This programme includes the provision of safe, sustainable water supplies in the municipalities of Baia Farta, Chinguar, Tchindjenje and Moxico, as well as encouraging the construction of toilets and promotion of good hygiene practices. The project also helps the provincial authorities to develop improved water policies and assist in replicating the project in other parts of the country; bringing major improvements to the health of thousands of similar vulnerable communities.
£300,000 invested to date
107,000 lives changed
Before the construction of this well, we used to fetch water from a river. Our children were suffering from diarrhoea and fever so we always had to go to hospital. We were not also sure about the main source of this problem. While they came to our village and the water well work was underway, we were taught the importance of clean water and its impact on health. The previous frequent travel to hospital is no more a reality after we have been accessed to the clean water source in our own village. We had a similar well near to the river but it was not protected like this and did not prevent us from all such sickness.
As a Water Committee member, we have been taught how to keep our village clean and about personal hygiene. It was after that we have managed to mobilise our village members to dig latrines, rubbish pits and to avoid defecating in open air and avoid garbage in the village.
Forty years of conflict have left Angola’s infrastructure in tatters. The government has invested heavily in water and sanitation services since peace returned ten years ago, but it has prioritised more densely populated urban areas. In rural areas, where an estimated 94 per cent of households live in poverty, people have no option but to use contaminated water, and open defecation is common practice. As a result, water-related diseases such as diarrhoea and cholera continue to take a terrible toll on vulnerable people and children in particular, claiming thousands of lives every year.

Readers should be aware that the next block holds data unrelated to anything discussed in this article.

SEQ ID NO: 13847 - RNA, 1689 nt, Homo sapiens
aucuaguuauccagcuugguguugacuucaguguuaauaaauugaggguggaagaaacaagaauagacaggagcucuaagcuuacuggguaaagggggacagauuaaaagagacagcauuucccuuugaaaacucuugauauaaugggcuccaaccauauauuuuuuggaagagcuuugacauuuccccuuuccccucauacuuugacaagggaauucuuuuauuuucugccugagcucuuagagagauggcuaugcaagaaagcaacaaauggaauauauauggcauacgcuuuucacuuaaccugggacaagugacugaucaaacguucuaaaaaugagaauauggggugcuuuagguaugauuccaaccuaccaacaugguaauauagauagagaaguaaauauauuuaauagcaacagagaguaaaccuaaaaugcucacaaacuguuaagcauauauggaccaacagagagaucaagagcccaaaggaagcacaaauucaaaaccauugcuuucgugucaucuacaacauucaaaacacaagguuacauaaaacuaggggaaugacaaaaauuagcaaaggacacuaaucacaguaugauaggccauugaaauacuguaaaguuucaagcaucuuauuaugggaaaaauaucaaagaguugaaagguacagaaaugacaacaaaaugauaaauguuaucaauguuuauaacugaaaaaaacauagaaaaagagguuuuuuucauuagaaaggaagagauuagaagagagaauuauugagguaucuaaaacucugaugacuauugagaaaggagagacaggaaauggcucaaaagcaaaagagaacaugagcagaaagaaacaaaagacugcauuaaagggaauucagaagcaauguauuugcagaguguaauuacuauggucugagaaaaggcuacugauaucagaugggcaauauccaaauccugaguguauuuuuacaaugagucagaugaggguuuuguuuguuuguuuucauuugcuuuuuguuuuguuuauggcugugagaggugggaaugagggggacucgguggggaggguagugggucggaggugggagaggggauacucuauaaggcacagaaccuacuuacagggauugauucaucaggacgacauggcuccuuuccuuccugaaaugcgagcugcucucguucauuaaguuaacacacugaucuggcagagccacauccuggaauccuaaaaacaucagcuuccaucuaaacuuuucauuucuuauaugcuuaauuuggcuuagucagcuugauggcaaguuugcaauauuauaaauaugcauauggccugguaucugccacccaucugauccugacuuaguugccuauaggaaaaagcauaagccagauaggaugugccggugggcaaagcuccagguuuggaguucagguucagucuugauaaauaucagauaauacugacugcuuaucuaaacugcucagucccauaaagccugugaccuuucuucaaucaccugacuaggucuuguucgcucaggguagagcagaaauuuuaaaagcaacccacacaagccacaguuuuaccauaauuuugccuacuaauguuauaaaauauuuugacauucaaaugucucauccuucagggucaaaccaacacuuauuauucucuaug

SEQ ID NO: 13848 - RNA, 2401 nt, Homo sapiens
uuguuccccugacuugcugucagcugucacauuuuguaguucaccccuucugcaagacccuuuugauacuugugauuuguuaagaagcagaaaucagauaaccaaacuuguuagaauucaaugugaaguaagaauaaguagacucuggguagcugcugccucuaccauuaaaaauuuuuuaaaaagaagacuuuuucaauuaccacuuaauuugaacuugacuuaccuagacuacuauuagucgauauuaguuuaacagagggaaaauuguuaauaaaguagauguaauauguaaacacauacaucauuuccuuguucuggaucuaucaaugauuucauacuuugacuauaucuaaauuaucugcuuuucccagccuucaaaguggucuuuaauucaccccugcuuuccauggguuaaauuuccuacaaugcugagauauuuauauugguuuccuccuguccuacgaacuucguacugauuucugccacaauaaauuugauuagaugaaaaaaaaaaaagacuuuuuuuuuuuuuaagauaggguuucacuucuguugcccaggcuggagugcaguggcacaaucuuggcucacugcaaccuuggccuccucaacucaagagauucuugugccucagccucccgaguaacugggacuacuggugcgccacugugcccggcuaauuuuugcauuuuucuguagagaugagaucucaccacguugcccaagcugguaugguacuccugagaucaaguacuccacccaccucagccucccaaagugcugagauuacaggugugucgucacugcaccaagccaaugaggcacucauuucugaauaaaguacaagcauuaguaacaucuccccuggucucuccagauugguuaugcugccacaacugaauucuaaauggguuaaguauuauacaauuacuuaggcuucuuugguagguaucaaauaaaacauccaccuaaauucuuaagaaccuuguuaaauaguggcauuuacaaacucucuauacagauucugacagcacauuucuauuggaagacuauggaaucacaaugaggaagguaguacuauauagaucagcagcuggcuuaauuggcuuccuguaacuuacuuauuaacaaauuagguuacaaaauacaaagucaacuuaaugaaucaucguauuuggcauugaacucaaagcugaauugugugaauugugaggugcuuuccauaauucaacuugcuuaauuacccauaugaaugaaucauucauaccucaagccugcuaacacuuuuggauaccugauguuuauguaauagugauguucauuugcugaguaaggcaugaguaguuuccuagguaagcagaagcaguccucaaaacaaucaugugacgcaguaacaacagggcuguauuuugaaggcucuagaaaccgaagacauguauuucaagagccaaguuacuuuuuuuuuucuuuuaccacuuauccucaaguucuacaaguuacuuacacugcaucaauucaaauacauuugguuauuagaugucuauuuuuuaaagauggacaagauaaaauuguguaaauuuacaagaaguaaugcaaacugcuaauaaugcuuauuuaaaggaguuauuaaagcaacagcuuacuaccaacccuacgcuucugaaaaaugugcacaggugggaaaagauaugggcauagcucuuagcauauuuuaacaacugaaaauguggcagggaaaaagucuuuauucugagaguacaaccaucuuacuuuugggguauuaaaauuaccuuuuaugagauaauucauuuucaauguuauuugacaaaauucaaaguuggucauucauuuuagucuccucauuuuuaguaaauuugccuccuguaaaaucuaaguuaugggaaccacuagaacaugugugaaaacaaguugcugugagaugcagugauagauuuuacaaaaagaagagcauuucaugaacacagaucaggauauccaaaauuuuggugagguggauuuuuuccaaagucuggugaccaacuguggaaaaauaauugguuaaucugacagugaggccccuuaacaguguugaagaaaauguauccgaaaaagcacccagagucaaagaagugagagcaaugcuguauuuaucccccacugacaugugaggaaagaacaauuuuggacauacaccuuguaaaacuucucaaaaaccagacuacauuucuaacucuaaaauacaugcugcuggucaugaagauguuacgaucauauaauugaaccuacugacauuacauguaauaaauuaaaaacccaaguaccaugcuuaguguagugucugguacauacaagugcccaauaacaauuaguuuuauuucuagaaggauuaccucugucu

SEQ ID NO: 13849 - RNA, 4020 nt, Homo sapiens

- Distributing 46 toolkits to water management groups for water point maintenance and an established register of local tradespeople to provide affordable spare parts and technical support.
- Training of 46 community water management groups and community hygiene promoters, reducing water-related diseases, improving communities health through the widespread adoption of new toilets and better hygiene practices.
- Building and repairing of 46 broken water points – fitting low-cost, low maintenance hand pumps, improving the availability of safe, clean water.
- Training of provincial water authorities to collect and analyse water and sanitation data, helping them to monitor the water points’ performance. Results will be shared with other provinces to encourage replication.